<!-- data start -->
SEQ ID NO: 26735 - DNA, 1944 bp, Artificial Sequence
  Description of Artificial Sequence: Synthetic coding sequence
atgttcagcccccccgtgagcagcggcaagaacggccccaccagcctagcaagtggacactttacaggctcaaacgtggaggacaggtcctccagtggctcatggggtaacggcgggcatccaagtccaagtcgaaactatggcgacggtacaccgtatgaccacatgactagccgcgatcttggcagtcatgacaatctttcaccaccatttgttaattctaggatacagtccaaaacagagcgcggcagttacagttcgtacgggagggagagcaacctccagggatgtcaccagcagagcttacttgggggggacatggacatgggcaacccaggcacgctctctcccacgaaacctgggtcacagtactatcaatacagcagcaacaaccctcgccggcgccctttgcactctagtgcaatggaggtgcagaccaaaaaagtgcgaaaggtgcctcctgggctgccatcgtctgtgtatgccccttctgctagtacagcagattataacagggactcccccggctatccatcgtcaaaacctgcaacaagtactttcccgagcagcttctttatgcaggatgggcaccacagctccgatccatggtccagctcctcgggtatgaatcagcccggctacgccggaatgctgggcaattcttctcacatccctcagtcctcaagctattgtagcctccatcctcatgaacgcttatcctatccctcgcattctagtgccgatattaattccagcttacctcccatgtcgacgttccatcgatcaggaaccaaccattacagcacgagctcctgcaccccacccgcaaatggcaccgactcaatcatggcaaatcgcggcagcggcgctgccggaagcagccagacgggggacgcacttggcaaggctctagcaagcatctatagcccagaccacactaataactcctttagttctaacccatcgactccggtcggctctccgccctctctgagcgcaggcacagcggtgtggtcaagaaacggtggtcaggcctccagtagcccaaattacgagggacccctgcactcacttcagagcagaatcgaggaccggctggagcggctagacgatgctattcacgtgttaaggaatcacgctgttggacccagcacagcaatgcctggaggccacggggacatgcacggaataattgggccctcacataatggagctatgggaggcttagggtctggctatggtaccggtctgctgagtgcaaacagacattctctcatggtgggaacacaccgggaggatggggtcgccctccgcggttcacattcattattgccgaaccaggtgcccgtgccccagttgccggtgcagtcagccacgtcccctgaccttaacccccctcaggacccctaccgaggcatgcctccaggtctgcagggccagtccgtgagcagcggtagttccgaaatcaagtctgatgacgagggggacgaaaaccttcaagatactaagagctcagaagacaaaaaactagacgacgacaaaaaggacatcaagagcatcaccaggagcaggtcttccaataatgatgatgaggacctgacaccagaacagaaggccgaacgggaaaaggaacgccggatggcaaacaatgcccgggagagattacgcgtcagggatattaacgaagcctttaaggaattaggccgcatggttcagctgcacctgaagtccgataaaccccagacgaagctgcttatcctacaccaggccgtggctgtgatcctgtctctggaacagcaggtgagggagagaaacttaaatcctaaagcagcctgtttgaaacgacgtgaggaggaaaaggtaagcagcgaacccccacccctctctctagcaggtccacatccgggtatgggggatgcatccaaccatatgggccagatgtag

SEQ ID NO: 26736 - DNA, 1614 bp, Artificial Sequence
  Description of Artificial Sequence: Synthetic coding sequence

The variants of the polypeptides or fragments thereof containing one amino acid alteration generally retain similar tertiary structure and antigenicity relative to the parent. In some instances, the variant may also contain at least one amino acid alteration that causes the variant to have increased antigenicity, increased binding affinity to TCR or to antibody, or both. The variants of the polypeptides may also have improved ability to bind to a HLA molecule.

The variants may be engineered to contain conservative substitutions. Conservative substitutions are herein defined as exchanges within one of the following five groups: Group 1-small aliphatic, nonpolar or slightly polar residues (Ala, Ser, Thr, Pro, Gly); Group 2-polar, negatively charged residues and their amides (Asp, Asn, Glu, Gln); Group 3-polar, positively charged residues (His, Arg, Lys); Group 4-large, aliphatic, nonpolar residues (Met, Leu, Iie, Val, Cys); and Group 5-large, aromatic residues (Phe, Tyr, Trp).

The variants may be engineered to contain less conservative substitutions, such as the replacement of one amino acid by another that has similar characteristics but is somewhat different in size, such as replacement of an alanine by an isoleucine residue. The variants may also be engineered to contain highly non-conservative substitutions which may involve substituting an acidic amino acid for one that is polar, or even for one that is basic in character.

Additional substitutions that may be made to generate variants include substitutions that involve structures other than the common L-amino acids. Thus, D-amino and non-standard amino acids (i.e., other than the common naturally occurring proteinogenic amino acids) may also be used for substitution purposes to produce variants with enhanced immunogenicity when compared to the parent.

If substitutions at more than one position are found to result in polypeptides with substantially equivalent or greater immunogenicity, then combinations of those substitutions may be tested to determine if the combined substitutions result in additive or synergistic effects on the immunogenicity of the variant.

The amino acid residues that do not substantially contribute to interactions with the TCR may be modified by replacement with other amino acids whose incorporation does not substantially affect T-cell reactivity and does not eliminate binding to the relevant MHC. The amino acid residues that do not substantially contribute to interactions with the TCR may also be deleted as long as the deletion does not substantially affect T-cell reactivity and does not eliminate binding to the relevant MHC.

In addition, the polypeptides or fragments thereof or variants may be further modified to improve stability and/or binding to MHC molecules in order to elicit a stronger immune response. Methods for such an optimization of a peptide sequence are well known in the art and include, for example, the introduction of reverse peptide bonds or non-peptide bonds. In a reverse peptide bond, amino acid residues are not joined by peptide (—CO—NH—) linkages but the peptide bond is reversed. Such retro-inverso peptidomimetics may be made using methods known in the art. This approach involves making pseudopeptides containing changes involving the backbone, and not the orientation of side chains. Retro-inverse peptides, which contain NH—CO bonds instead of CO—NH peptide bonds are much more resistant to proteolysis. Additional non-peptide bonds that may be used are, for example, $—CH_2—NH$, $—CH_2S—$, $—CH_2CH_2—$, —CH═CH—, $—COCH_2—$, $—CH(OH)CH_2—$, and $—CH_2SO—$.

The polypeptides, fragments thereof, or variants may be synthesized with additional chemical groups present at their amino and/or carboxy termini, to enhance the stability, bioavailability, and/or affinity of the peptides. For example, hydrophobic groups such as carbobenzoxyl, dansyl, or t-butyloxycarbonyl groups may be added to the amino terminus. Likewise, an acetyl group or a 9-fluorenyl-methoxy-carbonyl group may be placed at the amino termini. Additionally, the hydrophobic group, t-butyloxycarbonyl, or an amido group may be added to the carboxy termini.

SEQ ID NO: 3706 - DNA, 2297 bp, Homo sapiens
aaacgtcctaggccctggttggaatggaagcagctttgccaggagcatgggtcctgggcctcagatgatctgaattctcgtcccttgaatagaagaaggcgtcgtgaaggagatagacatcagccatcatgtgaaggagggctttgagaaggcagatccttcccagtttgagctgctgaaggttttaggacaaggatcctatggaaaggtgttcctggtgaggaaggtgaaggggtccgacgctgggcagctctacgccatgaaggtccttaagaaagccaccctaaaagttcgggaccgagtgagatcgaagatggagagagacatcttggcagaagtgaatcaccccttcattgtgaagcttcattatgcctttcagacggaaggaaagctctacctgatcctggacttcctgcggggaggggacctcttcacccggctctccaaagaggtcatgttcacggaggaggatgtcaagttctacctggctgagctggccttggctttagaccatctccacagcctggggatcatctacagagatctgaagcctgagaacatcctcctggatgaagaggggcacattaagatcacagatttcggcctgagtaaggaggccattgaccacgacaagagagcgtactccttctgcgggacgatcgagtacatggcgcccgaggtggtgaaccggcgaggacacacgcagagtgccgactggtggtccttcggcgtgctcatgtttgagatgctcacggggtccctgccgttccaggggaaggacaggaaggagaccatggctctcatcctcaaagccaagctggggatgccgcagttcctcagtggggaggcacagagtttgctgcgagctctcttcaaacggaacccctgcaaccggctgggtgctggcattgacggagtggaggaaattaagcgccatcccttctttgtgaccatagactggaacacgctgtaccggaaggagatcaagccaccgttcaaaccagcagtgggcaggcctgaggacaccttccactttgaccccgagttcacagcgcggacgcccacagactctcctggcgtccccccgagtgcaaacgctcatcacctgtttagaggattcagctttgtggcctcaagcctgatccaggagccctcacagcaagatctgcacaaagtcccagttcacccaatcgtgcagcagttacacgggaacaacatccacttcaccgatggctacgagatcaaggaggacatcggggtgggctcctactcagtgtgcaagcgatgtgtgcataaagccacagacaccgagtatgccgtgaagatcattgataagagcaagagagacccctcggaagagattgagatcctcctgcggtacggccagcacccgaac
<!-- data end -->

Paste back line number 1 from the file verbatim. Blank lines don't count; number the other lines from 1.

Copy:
SEQ ID NO: 26735 - DNA, 1944 bp, Artificial Sequence